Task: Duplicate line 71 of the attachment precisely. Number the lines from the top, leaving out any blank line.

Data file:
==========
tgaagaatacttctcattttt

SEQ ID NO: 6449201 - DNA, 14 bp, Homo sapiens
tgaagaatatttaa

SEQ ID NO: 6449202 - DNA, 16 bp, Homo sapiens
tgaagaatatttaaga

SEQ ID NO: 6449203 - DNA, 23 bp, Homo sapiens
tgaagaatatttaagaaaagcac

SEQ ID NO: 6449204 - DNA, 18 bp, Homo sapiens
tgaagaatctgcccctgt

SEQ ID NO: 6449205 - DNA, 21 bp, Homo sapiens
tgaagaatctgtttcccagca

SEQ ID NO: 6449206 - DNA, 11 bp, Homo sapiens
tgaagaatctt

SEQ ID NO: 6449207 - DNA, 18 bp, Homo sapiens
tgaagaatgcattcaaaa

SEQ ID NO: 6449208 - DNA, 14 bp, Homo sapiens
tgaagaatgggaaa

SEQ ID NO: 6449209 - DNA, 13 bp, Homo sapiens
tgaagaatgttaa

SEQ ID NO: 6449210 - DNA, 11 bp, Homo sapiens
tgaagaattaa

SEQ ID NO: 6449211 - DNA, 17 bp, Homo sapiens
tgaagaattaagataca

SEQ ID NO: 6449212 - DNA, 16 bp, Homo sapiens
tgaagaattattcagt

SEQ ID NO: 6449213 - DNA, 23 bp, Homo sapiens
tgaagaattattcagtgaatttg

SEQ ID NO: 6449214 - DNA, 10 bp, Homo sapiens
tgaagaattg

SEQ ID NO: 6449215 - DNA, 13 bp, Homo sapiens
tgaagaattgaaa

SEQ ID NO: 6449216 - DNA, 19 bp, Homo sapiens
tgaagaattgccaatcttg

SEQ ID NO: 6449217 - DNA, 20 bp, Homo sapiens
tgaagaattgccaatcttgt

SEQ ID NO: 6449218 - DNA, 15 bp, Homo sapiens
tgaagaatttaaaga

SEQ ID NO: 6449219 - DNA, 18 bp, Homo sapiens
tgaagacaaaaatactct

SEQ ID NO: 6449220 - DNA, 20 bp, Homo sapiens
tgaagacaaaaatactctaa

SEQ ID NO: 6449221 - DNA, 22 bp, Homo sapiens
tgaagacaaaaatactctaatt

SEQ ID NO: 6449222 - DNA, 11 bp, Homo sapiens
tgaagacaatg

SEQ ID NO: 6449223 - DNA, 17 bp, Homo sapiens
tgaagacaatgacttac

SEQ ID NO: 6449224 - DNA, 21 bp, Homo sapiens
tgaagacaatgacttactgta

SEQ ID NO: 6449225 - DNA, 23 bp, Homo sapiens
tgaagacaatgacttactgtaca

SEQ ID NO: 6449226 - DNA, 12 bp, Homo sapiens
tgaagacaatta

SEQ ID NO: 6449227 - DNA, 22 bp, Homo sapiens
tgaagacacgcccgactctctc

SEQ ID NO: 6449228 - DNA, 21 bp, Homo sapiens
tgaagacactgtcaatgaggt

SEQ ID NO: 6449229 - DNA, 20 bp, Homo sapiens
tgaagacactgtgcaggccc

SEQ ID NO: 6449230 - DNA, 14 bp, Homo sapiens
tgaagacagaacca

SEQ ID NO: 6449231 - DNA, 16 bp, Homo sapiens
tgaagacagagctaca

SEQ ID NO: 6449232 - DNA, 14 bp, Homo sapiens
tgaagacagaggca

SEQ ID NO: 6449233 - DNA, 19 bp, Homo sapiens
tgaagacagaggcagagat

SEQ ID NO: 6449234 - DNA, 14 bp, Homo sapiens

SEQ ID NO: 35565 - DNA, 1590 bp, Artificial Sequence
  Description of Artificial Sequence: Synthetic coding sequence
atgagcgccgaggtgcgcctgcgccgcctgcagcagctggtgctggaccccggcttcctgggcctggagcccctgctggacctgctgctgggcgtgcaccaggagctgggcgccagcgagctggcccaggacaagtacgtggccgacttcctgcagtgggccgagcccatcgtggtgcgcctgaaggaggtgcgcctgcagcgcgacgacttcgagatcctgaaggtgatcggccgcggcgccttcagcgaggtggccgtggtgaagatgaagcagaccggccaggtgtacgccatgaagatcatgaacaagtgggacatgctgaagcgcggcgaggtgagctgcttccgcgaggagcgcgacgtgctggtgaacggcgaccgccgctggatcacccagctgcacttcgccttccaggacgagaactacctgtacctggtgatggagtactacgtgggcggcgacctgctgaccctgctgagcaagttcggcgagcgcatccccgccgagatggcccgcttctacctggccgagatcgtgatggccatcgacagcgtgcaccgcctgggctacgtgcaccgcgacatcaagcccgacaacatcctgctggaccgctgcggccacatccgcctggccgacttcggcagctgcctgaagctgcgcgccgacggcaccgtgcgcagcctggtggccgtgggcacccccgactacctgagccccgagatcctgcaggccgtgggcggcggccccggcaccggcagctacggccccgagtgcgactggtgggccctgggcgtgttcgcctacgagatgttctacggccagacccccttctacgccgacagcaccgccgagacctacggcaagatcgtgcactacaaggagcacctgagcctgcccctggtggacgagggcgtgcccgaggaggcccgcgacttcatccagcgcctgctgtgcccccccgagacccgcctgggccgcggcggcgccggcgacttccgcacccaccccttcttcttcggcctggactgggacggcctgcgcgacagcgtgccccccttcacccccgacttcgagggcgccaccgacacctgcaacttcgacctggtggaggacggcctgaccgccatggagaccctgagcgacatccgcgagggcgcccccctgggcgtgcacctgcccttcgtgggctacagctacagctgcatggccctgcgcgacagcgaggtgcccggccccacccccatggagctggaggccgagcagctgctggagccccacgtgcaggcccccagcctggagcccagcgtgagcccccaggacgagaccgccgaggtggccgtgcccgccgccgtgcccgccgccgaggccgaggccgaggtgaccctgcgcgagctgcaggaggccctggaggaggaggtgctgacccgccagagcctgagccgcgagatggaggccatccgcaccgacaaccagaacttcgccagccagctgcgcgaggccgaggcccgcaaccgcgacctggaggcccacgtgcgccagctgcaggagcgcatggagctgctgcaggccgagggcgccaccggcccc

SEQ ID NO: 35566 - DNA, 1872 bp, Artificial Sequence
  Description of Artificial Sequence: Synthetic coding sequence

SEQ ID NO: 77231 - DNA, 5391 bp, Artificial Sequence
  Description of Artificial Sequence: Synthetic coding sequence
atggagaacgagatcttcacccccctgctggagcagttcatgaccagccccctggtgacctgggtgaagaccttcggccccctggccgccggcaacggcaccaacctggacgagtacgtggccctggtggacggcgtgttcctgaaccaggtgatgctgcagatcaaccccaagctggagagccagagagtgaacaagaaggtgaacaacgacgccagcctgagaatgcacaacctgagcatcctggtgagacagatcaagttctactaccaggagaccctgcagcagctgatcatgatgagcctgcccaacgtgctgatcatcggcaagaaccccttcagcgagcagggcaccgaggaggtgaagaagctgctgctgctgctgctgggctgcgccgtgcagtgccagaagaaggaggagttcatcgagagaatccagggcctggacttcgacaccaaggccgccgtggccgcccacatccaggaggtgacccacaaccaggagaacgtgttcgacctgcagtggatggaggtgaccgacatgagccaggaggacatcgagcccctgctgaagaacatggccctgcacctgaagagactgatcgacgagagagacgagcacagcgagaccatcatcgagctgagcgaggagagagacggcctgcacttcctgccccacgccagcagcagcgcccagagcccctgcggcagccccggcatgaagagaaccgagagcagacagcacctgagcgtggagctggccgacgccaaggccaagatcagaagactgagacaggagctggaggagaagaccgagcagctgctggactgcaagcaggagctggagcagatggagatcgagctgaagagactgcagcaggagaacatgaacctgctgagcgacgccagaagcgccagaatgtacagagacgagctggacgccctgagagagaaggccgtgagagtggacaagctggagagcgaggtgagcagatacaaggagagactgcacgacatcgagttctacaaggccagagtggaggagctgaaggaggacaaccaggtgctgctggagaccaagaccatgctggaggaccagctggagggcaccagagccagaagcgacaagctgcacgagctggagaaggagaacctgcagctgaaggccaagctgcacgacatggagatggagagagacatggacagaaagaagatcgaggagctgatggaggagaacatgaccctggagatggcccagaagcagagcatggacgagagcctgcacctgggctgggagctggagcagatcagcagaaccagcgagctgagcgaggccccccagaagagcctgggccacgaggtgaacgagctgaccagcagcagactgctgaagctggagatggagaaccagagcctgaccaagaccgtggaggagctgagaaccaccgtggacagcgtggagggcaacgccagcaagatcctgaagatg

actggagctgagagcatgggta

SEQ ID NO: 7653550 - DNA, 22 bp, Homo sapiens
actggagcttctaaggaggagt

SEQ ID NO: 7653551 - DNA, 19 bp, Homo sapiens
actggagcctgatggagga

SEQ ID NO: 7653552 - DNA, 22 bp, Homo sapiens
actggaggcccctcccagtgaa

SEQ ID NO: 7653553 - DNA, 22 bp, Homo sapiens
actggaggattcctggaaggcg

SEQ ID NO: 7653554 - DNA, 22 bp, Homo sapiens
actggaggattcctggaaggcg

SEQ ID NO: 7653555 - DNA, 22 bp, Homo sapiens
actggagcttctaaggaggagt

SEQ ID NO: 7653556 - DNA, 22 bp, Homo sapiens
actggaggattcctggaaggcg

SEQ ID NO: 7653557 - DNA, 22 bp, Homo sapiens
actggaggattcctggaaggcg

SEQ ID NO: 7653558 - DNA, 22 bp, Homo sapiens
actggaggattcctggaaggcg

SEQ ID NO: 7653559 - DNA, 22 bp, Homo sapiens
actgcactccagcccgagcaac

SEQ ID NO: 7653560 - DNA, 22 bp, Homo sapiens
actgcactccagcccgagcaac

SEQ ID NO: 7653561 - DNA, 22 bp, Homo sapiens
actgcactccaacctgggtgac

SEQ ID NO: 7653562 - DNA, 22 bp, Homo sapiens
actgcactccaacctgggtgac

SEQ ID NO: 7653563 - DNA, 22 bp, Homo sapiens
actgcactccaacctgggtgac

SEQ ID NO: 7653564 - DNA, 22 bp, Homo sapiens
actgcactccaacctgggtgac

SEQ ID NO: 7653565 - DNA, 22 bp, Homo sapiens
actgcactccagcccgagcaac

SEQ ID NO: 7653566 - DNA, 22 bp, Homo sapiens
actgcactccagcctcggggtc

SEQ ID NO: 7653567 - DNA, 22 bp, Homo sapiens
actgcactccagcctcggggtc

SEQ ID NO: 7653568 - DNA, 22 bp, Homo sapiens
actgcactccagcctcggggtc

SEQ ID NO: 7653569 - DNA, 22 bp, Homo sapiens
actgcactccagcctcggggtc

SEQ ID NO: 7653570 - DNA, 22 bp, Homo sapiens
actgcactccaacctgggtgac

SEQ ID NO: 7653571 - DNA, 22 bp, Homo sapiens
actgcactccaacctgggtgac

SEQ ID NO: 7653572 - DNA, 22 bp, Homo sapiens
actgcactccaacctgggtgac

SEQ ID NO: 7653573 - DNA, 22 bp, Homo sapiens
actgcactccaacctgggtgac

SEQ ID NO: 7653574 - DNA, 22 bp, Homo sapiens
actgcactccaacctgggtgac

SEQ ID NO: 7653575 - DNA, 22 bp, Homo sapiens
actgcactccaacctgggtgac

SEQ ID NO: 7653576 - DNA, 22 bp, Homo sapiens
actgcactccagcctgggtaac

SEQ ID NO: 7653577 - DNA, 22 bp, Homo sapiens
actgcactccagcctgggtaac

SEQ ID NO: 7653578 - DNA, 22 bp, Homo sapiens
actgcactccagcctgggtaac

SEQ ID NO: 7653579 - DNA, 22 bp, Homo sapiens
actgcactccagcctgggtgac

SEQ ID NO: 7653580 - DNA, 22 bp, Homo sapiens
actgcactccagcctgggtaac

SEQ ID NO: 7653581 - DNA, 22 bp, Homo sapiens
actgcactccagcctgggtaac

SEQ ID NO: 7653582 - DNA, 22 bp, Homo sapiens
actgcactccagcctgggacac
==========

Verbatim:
atgagcgccgaggtgcgcctgcgccgcctgcagcagctggtgctggaccccggcttcctgggcctggagcccctgctggacctgctgctgggcgtgcaccaggagctgggcgccagcgagctggcccaggacaagtacgtggccgacttcctgcagtgggccgagcccatcgtggtgcgcctgaaggaggtgcgcctgcagcgcgacgacttcgagatcctgaaggtgatcggccgcggcgccttcagcgaggtggccgtggtgaagatgaagcagaccggccaggtgtacgccatgaagatcatgaacaagtgggacatgctgaagcgcggcgaggtgagctgcttccgcgaggagcgcgacgtgctggtgaacggcgaccgccgctggatcacccagctgcacttcgccttccaggacgagaactacctgtacctggtgatggagtactacgtgggcggcgacctgctgaccctgctgagcaagttcggcgagcgcatccccgccgagatggcccgcttctacctggccgagatcgtgatggccatcgacagcgtgcaccgcctgggctacgtgcaccgcgacatcaagcccgacaacatcctgctggaccgctgcggccacatccgcctggccgacttcggcagctgcctgaagctgcgcgccgacggcaccgtgcgcagcctggtggccgtgggcacccccgactacctgagccccgagatcctgcaggccgtgggcggcggccccggcaccggcagctacggccccgagtgcgactggtgggccctgggcgtgttcgcctacgagatgttctacggccagacccccttctacgccgacagcaccgccgagacctacggcaagatcgtgcactacaaggagcacctgagcctgcccctggtggacgagggcgtgcccgaggaggcccgcgacttcatccagcgcctgctgtgcccccccgagacccgcctgggccgcggcggcgccggcgacttccgcacccaccccttcttcttcggcctggactgggacggcctgcgcgacagcgtgccccccttcacccccgacttcgagggcgccaccgacacctgcaacttcgacctggtggaggacggcctgaccgccatggagaccctgagcgacatccgcgagggcgcccccctgggcgtgcacctgcccttcgtgggctacagctacagctgcatggccctgcgcgacagcgaggtgcccggccccacccccatggagctggaggccgagcagctgctggagccccacgtgcaggcccccagcctggagcccagcgtgagcccccaggacgagaccgccgaggtggccgtgcccgccgccgtgcccgccgccgaggccgaggccgaggtgaccctgcgcgagctgcaggaggccctggaggaggaggtgctgacccgccagagcctgagccgcgagatggaggccatccgcaccgacaaccagaacttcgccagccagctgcgcgaggccgaggcccgcaaccgcgacctggaggcccacgtgcgccagctgcaggagcgcatggagctgctgcaggccgagggcgccaccggcccc